Flaccan Friday: Quoting Horace

When I was younger, I didn’t have much time for Quintus Horatius Flaccus. (O Fons Bandusiae? Please.) I remember loathing him for his Epistles when studying for the AP in high school, slogging through the Sermones as an undergraduate  and even in graduate school proudly declaring that his Odes were simply untranslatable.

But now? He’s one of our most quoted authors. So, here’s to Friday, and some old wine in a new vase. (Yeah, that’s backwards.)

Here are some of our favorites on topics like Homer, Homer and drinking, style, fate exceptionality, etc. etc. But no fountains.

Horace, Ars poetica 25

“I try to be brief, and I become unintelligible”

brevis esse laboro, obscurus fio

Horace, Epistulae 1.17.39

“What we’re looking for is here – or nowhere”

hic est aut nusquam quod quaerimus

Horace, Epistulae 1.11.27

“Those who travel beyond the sea change the weather, not their spirits”

caelum non animum mutant qui trans mare currunt

Horace, Ars Poetica 359

“Sometimes even good Homer nods off”

quandoque bonus dormitat Homerus

Horace, Odes 3.29.29-30

“Prudently the god covers the outcome of the future in dark night”

prudens futuri temporis exitum
caliginosa nocte premit deus

Horace, Odes 2.10.11-12

“Lightning tends to strike the highest peaks”

…feriuntque summos / fulmina montes

Horace, Odes 1.18.3-4

“For teetotalers the god has made all things difficult, nor do biting troubles flee in any other way”

siccis omnia nam dura deus proposuit neque
mordaces aliter diffugiunt sollicitudines

Horace, Ars Poetica 99

“It is not enough that poems be beautiful; they should be pleasant, too.”

“Non satis est pulchra esse poemata; dulcia sunto”

Horace, Epistles 1.1.76

“You are a beast of many heads”.

bellua multorum es capitum

Horace, Epistulae 1.19.6

“Homer is said to have been a drunkard because of his praise of wine”

laudibus arguitur vini vinosus Homerus

Horace, Sermones 1.1.27

“Let’s put aside these games and focus on serious things”.

amoto quaeramus seria ludo

Horace, Ars Poetica 309

“The origin and source of good writing is good judgment”.

scribendi recte sapere est et principium et fons.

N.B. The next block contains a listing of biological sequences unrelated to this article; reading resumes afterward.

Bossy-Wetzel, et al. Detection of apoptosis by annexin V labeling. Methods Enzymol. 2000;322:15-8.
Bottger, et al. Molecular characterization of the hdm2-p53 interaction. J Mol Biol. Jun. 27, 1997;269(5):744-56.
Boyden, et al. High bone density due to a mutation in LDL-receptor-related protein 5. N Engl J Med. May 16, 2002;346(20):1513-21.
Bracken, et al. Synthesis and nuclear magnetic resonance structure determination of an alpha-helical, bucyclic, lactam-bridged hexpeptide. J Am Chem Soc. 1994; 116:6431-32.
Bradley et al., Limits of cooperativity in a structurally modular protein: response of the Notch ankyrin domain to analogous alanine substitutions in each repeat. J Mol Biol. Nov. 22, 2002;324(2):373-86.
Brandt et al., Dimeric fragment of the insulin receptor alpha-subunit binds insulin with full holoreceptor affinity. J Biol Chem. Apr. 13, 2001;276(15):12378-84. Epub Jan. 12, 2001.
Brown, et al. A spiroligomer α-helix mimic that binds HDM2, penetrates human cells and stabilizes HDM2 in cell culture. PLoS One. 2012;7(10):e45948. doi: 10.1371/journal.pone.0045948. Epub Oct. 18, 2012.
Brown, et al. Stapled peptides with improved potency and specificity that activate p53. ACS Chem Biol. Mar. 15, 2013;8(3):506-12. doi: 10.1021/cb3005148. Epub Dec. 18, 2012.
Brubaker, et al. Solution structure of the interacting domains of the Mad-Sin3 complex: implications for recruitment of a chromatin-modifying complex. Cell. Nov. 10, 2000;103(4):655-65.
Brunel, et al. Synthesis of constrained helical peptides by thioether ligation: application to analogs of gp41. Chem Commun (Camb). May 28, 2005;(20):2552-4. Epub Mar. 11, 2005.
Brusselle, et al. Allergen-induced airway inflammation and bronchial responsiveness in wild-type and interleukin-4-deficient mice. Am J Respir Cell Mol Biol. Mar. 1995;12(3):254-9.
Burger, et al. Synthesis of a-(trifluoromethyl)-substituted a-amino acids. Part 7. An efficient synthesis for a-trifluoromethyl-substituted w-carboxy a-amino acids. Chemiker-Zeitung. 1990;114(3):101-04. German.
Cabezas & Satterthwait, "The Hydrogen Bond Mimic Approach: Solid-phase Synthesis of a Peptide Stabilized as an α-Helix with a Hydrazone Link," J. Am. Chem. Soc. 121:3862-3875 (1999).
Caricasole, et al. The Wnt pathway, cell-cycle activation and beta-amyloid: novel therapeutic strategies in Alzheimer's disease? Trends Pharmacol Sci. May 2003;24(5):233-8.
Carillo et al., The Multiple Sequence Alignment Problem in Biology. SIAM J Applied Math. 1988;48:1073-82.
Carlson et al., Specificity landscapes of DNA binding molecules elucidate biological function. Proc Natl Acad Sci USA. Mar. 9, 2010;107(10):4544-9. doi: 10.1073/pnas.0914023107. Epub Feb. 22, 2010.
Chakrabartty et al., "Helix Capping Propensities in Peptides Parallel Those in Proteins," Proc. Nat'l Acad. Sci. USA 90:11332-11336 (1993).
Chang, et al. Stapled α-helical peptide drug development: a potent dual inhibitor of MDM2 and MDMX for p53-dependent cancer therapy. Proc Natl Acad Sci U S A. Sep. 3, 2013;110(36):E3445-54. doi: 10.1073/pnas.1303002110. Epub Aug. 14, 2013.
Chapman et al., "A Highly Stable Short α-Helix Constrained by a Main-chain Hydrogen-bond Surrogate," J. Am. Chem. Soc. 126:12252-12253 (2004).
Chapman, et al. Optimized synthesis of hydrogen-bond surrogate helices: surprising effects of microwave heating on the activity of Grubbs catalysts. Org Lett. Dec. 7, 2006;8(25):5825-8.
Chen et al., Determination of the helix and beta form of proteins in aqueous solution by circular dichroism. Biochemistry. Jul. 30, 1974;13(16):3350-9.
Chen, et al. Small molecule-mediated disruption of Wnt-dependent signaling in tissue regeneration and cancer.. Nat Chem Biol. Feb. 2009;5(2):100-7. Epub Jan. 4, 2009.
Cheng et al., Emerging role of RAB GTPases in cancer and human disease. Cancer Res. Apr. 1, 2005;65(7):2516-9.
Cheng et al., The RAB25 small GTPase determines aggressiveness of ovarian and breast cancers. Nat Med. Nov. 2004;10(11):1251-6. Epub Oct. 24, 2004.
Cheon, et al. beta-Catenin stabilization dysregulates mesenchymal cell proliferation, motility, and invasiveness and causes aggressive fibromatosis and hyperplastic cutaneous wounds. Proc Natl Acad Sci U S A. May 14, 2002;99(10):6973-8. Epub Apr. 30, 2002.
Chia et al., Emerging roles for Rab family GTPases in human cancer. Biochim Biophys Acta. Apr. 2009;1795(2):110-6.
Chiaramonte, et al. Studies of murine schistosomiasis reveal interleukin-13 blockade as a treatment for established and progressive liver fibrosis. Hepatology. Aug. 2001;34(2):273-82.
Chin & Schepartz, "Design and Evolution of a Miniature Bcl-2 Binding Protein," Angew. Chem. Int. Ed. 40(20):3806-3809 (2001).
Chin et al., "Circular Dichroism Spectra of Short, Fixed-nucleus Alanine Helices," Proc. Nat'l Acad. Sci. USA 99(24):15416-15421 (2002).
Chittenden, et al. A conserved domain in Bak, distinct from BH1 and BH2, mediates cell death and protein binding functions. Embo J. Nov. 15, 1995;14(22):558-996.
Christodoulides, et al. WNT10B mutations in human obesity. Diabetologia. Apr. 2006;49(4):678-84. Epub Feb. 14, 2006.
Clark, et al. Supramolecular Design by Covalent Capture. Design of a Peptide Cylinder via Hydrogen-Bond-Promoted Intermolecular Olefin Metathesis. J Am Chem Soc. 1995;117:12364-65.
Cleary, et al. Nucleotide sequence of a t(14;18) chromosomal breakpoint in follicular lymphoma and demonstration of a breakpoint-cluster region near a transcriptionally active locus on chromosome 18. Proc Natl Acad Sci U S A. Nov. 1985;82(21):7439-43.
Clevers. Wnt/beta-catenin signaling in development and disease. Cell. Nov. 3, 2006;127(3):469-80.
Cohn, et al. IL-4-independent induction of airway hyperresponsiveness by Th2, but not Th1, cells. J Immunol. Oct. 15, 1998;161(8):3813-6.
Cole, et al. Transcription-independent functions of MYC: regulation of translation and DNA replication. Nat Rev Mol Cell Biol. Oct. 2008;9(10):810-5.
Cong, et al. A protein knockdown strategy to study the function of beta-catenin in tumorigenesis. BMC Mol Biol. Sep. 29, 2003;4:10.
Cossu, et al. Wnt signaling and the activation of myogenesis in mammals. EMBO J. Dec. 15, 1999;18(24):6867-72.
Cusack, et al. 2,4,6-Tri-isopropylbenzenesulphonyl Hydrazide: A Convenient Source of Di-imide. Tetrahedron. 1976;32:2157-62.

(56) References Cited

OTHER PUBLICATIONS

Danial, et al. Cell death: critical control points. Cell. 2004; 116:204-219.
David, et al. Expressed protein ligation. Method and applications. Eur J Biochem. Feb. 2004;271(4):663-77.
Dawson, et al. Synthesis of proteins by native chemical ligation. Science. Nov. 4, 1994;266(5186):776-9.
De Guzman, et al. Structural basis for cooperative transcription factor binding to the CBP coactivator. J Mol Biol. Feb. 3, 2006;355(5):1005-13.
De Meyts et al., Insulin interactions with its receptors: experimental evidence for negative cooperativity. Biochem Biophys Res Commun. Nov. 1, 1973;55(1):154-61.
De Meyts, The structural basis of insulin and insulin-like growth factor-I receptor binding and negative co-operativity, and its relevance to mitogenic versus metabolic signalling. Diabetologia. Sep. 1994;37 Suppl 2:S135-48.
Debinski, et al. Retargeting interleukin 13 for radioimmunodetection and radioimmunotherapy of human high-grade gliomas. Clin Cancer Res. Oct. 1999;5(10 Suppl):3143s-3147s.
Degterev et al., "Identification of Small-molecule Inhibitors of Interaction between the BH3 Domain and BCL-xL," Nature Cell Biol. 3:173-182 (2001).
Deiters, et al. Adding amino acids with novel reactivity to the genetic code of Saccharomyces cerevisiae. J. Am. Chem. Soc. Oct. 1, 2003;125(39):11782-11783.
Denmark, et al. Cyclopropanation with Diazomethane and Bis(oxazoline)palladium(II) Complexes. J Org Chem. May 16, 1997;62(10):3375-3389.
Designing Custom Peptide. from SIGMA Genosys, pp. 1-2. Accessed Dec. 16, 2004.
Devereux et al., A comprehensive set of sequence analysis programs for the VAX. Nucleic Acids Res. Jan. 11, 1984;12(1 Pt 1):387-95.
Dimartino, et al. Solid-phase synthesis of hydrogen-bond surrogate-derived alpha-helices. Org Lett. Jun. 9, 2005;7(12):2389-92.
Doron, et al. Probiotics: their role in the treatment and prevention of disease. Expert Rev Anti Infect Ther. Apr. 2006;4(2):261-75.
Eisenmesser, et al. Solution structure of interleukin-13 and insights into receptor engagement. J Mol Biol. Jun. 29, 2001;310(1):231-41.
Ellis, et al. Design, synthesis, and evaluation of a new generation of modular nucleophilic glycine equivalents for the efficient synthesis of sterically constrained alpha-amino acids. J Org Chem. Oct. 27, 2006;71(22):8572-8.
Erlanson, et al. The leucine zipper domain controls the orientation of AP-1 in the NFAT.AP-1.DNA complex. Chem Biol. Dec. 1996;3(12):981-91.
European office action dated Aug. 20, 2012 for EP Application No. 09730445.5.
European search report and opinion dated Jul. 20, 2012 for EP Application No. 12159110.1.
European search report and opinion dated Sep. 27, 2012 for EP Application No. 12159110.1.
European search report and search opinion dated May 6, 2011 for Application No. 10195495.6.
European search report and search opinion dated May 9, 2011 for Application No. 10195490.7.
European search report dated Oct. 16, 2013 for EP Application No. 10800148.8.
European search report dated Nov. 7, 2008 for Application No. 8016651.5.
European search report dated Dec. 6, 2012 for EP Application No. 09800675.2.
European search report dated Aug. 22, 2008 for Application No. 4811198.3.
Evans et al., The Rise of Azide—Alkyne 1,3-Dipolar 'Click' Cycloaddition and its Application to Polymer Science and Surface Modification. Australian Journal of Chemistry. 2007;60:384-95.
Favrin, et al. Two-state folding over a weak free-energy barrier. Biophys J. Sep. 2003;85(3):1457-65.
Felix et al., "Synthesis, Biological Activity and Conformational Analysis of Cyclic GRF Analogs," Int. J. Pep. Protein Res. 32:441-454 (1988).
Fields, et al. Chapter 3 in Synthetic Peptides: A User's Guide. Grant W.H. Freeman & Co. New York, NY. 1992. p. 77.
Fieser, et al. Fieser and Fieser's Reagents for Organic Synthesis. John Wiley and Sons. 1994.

Horace, Epistles 1.1.41-42

“Virtue’s first rule is to avoid vice, and wisdom’s is to not be stupid”.

Horace, Ars Poetica -285-287

“Our poets have left nothing untried, and deserve some honor for daring to stray off the Greek path, and celebrate our own domestic deeds.”

Nil intemptatum nostri liquere poetae, 285
nec minimum meruere decus uestigia Graeca
ausi deserere et celebrare domestica facta

Horace, Epistles 1.2

“The one who has begun has completed half the task.”

dimidium facti, qui coepit, habet.

Horace, Sermones 1.1.43-56

“What good is it to heap up a mound of gold and silver and furtively stash it away in a hole? ‘Because, if you lessen it, it will be reduced to a worthless penny.’ But barring that, what beauty does a heaped up mound have? Suppose that your granary held a hundred thousand bushels: your stomach won’t hold any more than mine! If you were carrying around a backpack of bread upon overburdened shoulders, you couldn’t take more than the man who carries nothing. Tell me: what does it matter to someone who lives within the bounds of nature whether he farms a hundred acres or a thousand? ‘But it’s a fine thing to pluck something out of a huge heap!’ While you would only leave us to take a drink from the smallest remaining fraction, why would you praise your granaries above our little baskets? It is as if, needing no more than a little urn or cup worth of water, you said, ‘I would rather drink from a river than this piddly little fountain!’”

quid iuvat inmensum te argenti pondus et auri
furtim defossa timidum deponere terra?
‘quod, si conminuas, vilem redigatur ad assem.’
at ni id fit, quid habet pulcri constructus acervus?
milia frumenti tua triverit area centum: 45
non tuus hoc capiet venter plus ac meus: ut, si
reticulum panis venalis inter onusto
forte vehas umero, nihilo plus accipias quam
qui nil portarit. vel dic quid referat intra
naturae finis viventi, iugera centum an 50
mille aret? ‘at suave est ex magno tollere acervo.’
dum ex parvo nobis tantundem haurire relinquas,
cur tua plus laudes cumeris granaria nostris?
ut tibi si sit opus liquidi non amplius urna
vel cyatho et dicas ‘magno de flumine mallem 55
quam ex hoc fonticulo tantundem sumere.’

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Vituperation of Cyclic Poets, and the Unreliability of Scholia

The following, taken from the Scholia Vindobonensia, illustrates one of the central problems with scholia: some are incredible storehouses of information and textual elucidation, while others are either wildly inaccurate or hopelessly absurd. Much of the Scholia Vindobonensia consists of straightforward explication, but the following is a preposterous ad hoc explanation which reflects the Scholiast’s lack of familiarity with early Greek poetry:

“Cyclicus is used here as a pronominatio, that is, as a name used in place of another name, which is sometimes used for praise, sometime for blame, so that by the same force of the word we can understand either sense. Here, however, we can understand the word to be meant as vituperation. A cycle (cyclus) is a line drawn around, but not brought back to the same point. In this way, Horace means that the Cyclic poet never touches on the matter at hand, but has rather gone around and around it, thus diverging farther and farther from the subject with every turn.”

cyclicus est pronominatio, id est, nomen pro nomine positum, quod fit aliquando pro laude, aliquando pro vituperatione, ut in ipsa vi vocabuli possimus utrumque notare. hic vero fit, ut vituperationem possimus ibi notare. vocatur enim cyclus linea circumducta, non ad idem reducta. et per hoc notat eum non rem tetigisse, sed circa ipsam rem ivisse; et semper magis ac magis discedit ab ipsa re.